FORT CARSON, Colo. - Support echelons generally don’t receive much glory in the military. “In the rear with the gear,” is the saying when it comes to these jobs, but their roles can’t be overlooked, as without them little would get accomplished.
Every operational unit in the Army down to battalion level has a headquarters and headquarters unit in charge of ensuring its Soldiers are in a constant state of readiness at all times, from the records in their personnel files, to the gear and equipment they use. An assortment of military occupational specialties (MOSs) propagate the jobs within a headquarters unit.
For Sgt. Eric Wankovsky, an orderly room noncommissioned officer with 1st Space Brigade’s Headquarters and Headquarters Company, the road to his current position took him through the Army’s Patriot missile battery community before he landed in space. After being stationed in Germany and deployments to Kuwait and Qatar, he is now enjoying his time with 1st Space Brigade in Colorado Springs.
Q: Why did you join the military?
A: I wanted to get out of my parent’s house in Southern California. It was way too expensive there and I wanted to see the world as well. I was working retail at Best Buy and I needed something more out of life. It was time to move on. I was 27, had just got my associate’s degree, and was ready for a new challenge.
Q: How was it going through basic training a bit older than most of the recruits there?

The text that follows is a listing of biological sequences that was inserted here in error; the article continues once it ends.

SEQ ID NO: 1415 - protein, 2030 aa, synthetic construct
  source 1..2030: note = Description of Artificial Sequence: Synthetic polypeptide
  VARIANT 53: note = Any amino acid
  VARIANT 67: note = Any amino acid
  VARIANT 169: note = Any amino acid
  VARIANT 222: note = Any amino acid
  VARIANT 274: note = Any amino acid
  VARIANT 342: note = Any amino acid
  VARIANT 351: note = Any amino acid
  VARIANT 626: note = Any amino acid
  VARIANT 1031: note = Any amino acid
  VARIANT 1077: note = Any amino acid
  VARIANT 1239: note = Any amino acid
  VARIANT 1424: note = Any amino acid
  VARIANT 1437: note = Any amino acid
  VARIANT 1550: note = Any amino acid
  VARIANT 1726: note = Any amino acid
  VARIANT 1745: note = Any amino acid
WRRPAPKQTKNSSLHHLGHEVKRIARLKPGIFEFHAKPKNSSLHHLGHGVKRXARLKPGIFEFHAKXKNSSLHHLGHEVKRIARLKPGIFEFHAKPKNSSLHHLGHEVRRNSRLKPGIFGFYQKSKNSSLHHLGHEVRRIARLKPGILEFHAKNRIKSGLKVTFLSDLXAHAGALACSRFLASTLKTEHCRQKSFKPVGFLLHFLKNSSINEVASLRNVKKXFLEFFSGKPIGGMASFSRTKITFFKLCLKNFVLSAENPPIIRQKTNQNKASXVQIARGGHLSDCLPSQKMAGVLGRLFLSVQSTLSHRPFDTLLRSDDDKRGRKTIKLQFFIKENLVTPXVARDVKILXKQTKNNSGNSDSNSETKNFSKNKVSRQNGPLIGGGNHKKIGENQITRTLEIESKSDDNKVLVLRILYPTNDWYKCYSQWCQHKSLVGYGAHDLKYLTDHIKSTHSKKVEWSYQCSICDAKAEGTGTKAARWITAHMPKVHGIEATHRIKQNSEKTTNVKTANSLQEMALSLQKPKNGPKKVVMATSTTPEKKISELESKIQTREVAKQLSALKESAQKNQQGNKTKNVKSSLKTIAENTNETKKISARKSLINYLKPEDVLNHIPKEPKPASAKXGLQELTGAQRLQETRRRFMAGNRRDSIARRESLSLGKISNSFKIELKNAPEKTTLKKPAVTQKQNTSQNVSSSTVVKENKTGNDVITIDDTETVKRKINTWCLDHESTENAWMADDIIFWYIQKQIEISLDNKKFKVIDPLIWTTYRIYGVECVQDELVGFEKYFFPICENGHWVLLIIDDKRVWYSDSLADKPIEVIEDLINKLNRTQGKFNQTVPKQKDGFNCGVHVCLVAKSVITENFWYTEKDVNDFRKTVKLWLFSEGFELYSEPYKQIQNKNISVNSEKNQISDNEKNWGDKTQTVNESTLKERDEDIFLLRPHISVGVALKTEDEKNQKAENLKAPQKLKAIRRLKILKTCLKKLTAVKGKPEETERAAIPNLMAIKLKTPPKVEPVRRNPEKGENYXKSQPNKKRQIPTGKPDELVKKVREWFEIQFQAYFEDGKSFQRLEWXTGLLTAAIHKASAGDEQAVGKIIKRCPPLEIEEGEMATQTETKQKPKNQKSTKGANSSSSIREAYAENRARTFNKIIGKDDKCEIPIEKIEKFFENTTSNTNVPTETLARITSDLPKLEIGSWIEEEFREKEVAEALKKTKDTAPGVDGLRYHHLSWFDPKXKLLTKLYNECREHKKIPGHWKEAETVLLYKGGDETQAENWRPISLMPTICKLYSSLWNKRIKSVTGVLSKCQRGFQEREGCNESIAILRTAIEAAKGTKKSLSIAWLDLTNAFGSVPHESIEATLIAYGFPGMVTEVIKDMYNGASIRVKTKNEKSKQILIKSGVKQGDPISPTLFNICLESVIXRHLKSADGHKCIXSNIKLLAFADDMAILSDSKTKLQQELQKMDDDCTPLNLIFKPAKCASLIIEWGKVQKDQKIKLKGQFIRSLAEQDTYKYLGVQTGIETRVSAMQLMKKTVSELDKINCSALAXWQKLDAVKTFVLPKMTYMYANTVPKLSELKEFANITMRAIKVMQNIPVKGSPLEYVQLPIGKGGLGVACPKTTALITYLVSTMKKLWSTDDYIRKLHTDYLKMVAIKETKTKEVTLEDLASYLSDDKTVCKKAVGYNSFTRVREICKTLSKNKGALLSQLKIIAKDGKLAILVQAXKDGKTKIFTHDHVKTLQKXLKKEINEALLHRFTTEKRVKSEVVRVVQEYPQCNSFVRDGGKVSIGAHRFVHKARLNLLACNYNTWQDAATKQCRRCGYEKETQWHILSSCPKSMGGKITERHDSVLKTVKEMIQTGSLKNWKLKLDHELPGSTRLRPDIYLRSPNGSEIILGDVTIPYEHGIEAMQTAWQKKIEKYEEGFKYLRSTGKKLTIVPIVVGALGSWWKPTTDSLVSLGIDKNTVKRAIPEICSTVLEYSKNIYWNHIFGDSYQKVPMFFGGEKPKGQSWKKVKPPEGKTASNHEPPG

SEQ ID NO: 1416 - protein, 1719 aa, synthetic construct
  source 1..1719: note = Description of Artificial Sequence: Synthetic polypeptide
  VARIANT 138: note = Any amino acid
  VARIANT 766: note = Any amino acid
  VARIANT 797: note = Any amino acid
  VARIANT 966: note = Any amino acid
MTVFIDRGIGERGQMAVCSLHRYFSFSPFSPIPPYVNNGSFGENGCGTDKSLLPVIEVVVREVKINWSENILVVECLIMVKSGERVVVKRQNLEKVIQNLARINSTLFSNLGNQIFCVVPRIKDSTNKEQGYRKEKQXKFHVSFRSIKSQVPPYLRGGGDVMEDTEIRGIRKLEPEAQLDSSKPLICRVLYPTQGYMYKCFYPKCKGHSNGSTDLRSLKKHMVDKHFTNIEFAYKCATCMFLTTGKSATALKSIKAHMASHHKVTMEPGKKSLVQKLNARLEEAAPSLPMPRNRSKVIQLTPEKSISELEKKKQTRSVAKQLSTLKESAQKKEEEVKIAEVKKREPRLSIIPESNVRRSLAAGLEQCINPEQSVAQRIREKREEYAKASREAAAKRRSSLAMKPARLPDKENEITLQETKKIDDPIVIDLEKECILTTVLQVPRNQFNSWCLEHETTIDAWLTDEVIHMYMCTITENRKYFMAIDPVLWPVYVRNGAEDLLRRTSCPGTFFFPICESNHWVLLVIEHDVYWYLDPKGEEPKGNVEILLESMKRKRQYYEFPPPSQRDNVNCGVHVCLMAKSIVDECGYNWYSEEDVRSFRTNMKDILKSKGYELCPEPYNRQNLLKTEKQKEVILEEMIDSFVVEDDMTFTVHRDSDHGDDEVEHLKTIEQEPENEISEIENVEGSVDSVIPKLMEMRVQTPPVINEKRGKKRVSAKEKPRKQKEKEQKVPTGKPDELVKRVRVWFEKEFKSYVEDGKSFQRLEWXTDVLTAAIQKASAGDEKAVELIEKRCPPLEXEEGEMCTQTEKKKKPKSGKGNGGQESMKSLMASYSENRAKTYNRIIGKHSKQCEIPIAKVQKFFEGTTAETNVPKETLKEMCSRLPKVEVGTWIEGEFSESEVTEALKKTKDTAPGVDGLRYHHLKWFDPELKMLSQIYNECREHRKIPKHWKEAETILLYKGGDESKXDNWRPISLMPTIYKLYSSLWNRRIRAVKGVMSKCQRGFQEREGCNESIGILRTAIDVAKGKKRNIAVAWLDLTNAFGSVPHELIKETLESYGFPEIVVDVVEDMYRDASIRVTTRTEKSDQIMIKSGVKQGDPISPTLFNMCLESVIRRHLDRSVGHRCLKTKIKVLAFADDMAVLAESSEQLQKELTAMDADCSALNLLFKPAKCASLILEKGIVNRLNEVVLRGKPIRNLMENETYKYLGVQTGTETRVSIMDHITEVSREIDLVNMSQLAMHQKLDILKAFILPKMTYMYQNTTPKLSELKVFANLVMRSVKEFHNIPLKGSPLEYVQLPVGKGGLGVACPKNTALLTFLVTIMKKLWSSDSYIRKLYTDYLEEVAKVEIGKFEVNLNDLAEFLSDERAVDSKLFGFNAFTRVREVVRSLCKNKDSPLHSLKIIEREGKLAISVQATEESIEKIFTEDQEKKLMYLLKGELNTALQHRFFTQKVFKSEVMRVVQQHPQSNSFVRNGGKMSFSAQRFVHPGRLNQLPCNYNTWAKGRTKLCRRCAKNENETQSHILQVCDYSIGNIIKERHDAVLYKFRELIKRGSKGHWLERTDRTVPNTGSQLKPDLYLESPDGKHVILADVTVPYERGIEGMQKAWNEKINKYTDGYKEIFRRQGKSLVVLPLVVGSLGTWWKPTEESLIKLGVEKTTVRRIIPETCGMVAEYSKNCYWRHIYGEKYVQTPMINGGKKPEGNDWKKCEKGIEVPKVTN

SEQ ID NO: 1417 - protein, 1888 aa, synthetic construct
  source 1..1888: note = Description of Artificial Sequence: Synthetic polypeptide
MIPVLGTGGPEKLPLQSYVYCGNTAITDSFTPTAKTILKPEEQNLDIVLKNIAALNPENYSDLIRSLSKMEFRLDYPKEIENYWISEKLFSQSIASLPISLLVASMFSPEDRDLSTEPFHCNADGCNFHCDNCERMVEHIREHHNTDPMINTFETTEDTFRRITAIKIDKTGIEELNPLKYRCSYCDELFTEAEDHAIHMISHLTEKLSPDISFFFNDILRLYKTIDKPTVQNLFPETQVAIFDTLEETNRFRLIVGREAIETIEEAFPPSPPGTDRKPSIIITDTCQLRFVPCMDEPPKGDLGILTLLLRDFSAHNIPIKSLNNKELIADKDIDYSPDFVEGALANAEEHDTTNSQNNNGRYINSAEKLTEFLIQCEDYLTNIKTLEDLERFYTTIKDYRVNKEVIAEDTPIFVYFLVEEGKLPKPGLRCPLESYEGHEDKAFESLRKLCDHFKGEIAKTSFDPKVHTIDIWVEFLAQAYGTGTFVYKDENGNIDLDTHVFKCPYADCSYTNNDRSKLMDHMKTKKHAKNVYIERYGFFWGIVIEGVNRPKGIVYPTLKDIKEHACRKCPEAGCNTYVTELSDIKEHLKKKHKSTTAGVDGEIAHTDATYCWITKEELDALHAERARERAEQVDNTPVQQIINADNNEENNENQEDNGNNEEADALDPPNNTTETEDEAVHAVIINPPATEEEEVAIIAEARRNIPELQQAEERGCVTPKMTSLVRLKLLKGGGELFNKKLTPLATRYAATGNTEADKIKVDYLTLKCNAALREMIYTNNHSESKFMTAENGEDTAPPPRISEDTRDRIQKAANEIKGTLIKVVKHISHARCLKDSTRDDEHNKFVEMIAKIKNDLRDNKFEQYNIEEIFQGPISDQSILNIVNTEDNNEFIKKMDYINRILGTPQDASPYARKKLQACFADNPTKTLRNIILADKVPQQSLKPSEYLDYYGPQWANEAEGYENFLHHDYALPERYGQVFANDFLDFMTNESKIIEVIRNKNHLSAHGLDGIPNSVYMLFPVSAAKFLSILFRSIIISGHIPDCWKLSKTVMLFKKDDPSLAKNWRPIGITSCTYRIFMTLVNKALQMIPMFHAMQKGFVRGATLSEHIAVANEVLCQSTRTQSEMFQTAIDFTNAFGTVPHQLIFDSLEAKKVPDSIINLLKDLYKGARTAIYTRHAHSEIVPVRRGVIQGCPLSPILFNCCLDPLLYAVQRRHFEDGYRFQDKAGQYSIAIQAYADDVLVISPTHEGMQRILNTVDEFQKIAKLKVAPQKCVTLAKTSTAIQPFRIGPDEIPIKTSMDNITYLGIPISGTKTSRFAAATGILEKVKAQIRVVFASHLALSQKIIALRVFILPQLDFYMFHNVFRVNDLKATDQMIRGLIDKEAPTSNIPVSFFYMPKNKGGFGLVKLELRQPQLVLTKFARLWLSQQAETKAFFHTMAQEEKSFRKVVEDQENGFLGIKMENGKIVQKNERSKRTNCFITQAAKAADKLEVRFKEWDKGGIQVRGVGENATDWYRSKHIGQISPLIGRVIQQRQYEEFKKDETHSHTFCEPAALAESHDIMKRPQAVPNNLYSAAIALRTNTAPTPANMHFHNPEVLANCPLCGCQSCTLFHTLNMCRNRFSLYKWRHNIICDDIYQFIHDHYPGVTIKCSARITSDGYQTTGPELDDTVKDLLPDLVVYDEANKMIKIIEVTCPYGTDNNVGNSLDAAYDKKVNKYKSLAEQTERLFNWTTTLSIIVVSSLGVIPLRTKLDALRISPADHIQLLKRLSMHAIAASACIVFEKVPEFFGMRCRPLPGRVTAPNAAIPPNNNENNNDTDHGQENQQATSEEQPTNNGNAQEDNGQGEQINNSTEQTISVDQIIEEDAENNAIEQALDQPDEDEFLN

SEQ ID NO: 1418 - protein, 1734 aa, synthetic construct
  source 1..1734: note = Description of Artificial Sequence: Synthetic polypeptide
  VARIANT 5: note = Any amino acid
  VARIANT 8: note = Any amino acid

A: At times some of the guys would get a little reckless and I would maintain my composure. The drill sergeants took notice of this. I just kept everything on the straight and narrow at Fort Sill (Oklahoma), where I went through both basic and AIT (advanced individual training) and graduated honor grad.
Q: Why air defense? What steered you in that direction for an Army job?
A: I was always into computers growing up. I like problem-solving and the technical aspects of them. I can navigate systems more easily with my background and adapting to new user interfaces comes more naturally for me than some. I really like seeing what computer systems capabilities are.
Q: What has been the best place you have been stationed thus far?
A: Baumholder, Germany. I was there for three years. It was awesome. I was a newly-wed and had my first kid there. I took three years of German in highschool and two in college, so I am somewhat fluent in the language. When we would go out to dinner on the economy there, I would order in German for everybody. We went to Poland, the Netherlands, worked with NATO and the German military for joint exercises and was out in the field training a lot.
Q: What is the best part about working for SMDC?
A: Working on the JTAGS (Joint Tactical Air Ground Station) system and just the knowledge you learn from working here. The advancements you see that the Army has in space - a lot of people don’t realize what we are capable of. This is the future. It’s eye-opening what we can do with the systems we have in place. I really want to learn everything that goes into space and attend the sensor manager leader’s course.
Q: What do you take away from almost a decade now in the military?
A: Management, discipline, multi-tasking, and working with people from all walks of life - Africa, New Guinea, all over the world. My time in the military has had its ups and downs, but it has mostly been positive. It’s consisted of a lot of training, and I try to excel at everything I do. I try to make myself known, but not too well known. The brigade relies on me a lot at HHC because I put myself out there to help out with all sorts of things. I am one of the few Soldiers here that is licensed on different military vehicles; I’m an ammo handler, and qualified to grade the ACFT (Army Combat Fitness Test). I just try to help with whatever, whenever I can.